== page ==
In Cal Tech., the court determined the subject invention record was privileged despite being submitted to a “Patent Review Committee” (PRC) including technical experts in addition to attorneys and inventors. Slip op. at 3. In its briefing, plaintiff, California Institute of Technology, asserted that defendant, Broadcom Limited (Broadcom), failed to establish the invention record was privileged because the technical assessments made by Broadcom’s engineers serving on the PRC were business decisions and not legal decisions. Pl’s Resp. to Def’s Supplemental Submission Regarding Ex. 341 at 2, Cal. Inst. of Tech. v. Broadcom Ltd., CV 16-3714-GW (C.D. Cal. Feb. 16, 2018), ECF No. 432. The court found this argument unpersuasive and concluded that privilege was unaffected by technical experts assisting attorneys in evaluating whether to pursue patent protection. Id., slip op. at 4. Furthermore, while the invention record did not expressly state a request for legal advice, the court found such request to be implied and concluded that Broadcom’s invention record was protected by attorney-client privilege. Id.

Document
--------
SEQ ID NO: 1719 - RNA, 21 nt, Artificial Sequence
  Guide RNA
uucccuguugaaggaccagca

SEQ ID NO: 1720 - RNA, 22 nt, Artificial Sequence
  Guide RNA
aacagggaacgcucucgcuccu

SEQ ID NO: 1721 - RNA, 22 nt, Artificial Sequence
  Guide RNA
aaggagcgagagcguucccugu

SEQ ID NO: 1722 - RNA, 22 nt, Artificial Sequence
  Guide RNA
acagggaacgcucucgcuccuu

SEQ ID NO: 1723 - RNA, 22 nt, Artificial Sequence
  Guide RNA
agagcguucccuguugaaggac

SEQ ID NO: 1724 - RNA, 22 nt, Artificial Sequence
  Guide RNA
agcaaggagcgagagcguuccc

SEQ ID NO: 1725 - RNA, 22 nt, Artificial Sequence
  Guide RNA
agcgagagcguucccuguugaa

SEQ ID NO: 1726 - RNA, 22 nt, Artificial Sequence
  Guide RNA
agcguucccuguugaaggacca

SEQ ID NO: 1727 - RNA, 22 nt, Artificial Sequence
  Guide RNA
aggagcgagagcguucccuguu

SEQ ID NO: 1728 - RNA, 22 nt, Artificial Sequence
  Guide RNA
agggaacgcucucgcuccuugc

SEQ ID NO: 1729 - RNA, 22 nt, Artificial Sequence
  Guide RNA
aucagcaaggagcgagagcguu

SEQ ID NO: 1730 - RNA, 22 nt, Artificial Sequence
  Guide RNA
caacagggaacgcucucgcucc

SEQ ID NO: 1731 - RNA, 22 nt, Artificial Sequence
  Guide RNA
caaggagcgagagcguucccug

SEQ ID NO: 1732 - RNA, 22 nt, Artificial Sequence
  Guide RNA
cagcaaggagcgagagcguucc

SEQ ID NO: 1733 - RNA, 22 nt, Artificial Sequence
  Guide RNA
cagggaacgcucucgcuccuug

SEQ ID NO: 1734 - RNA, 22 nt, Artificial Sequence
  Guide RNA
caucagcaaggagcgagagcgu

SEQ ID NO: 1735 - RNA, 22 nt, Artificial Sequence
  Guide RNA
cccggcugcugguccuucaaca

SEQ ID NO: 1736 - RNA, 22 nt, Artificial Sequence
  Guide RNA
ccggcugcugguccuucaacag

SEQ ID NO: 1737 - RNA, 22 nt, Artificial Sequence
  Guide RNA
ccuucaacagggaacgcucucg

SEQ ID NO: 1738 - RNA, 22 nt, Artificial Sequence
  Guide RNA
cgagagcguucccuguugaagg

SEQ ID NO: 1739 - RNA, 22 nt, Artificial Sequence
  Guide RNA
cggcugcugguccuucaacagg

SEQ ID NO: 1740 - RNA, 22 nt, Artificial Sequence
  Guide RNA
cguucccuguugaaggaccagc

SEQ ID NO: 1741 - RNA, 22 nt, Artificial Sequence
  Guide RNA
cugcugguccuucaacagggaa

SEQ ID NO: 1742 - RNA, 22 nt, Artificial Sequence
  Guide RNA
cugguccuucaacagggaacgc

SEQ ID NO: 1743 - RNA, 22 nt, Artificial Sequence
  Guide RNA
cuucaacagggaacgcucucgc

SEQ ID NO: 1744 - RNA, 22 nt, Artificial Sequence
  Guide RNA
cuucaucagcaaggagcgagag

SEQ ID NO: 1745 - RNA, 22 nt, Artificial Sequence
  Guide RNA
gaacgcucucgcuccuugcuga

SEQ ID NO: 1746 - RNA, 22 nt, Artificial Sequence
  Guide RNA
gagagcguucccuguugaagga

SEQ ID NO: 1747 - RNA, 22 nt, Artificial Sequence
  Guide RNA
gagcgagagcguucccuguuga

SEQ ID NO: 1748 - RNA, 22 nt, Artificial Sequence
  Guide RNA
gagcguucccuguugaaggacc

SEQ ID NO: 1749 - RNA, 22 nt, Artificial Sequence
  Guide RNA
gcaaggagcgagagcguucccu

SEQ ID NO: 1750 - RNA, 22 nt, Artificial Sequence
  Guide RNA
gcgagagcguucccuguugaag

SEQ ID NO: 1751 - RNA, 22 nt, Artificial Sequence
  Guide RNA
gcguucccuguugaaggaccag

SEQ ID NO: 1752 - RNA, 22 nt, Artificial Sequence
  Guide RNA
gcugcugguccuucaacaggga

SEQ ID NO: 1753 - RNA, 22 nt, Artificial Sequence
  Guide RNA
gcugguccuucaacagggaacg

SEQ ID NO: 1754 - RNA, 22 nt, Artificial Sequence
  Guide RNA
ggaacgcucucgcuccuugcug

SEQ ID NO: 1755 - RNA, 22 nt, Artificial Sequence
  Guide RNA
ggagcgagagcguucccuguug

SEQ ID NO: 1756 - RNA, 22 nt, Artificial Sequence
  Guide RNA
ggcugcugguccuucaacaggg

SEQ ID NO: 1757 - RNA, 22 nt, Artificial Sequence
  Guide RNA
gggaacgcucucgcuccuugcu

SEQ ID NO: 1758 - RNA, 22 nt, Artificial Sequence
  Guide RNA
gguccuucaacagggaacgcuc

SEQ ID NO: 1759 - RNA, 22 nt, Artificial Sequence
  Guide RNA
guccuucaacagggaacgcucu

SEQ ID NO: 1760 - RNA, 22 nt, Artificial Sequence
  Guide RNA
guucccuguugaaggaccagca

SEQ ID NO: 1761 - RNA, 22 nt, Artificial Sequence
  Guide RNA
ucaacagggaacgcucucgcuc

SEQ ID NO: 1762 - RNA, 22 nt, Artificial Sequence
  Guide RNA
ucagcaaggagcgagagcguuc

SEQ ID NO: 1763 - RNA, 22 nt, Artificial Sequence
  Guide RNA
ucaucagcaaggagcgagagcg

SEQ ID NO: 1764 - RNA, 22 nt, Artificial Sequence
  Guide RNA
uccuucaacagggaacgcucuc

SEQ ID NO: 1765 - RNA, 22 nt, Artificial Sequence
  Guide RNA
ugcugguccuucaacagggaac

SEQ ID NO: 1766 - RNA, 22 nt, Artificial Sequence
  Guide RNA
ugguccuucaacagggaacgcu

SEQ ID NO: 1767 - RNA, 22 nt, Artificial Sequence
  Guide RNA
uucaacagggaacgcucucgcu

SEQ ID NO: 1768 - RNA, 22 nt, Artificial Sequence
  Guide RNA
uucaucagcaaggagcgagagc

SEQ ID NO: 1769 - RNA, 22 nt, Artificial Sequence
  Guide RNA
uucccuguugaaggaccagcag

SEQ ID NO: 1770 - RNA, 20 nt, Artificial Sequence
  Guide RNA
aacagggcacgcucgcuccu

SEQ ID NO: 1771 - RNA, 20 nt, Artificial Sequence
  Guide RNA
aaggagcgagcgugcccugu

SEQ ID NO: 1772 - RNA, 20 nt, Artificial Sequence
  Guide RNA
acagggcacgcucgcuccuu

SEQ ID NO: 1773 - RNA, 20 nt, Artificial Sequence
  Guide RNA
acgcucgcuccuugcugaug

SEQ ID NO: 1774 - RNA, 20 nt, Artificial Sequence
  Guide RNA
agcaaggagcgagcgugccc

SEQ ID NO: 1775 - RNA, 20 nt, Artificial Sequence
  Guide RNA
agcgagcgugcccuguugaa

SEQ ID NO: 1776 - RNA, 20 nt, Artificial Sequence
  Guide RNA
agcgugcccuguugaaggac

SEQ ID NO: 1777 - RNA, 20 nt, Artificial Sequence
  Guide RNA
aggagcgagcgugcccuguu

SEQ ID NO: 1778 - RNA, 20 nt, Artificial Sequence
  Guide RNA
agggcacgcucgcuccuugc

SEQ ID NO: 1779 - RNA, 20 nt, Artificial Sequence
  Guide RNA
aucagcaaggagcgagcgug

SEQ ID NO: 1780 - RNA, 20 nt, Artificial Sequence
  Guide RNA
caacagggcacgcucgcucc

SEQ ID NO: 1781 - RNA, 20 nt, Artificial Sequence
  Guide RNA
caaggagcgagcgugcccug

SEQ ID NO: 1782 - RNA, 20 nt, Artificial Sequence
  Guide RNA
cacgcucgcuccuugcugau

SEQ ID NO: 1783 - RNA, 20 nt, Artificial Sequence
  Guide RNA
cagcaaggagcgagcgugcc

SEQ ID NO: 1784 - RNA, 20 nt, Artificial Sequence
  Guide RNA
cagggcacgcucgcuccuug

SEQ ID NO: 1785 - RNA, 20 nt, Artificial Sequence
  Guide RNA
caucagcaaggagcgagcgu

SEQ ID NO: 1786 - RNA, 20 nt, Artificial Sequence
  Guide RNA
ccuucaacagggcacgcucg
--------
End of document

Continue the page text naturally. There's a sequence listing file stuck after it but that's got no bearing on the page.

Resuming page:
Furthermore, with regard to the preserving of the attorney-client privilege, an inadvertent disclosure of a privileged document does not constitute waiver when the privilege holder meets certain requirements. See Fed. R. Evid. 502(b). In particular, disclosure of a privileged document does not waive privilege when “(1) the disclosure is inadvertent; (2) the holder of the privilege or protection took reasonable steps to prevent disclosure; and (3) the holder promptly took reasonable steps to rectify the error . . . .” Fed. R. Evid. 502(b). The third prong of Rule 502(b) may be satisfied when the privilege holder “objects immediately upon discovery of the inadvertent disclosure.” Luna Gaming-San Diego, LLC v. Dorsey & Whitney, LLP, No. 06-CV-2804-BTM, 2010 U.S. Dist. LEXIS 3188, at *13 (S.D. Cal. Jan. 13, 2010).